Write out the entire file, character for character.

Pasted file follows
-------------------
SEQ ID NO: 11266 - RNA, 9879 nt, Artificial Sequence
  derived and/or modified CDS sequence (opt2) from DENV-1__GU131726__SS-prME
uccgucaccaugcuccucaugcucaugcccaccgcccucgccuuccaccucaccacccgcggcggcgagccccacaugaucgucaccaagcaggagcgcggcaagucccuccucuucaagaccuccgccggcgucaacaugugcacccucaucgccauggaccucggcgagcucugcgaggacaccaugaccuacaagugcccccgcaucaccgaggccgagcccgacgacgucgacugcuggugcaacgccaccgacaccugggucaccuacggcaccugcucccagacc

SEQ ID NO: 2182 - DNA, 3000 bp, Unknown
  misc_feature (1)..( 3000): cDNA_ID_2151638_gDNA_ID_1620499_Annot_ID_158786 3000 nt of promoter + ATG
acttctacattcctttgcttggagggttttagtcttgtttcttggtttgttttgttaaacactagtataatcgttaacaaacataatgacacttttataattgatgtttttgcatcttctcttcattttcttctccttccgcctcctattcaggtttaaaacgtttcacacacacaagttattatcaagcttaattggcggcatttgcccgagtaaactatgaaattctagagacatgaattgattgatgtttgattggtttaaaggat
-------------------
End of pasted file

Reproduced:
SEQ ID NO: 11266 - RNA, 9879 nt, Artificial Sequence
  derived and/or modified CDS sequence (opt2) from DENV-1__GU131726__SS-prME
uccgucaccaugcuccucaugcucaugcccaccgcccucgccuuccaccucaccacccgcggcggcgagccccacaugaucgucaccaagcaggagcgcggcaagucccuccucuucaagaccuccgccggcgucaacaugugcacccucaucgccauggaccucggcgagcucugcgaggacaccaugaccuacaagugcccccgcaucaccgaggccgagcccgacgacgucgacugcuggugcaacgccaccgacaccugggucaccuacggcaccugcucccagacc

SEQ ID NO: 2182 - DNA, 3000 bp, Unknown
  misc_feature (1)..( 3000): cDNA_ID_2151638_gDNA_ID_1620499_Annot_ID_158786 3000 nt of promoter + ATG
acttctacattcctttgcttggagggttttagtcttgtttcttggtttgttttgttaaacactagtataatcgttaacaaacataatgacacttttataattgatgtttttgcatcttctcttcattttcttctccttccgcctcctattcaggtttaaaacgtttcacacacacaagttattatcaagcttaattggcggcatttgcccgagtaaactatgaaattctagagacatgaattgattgatgtttgattggtttaaaggat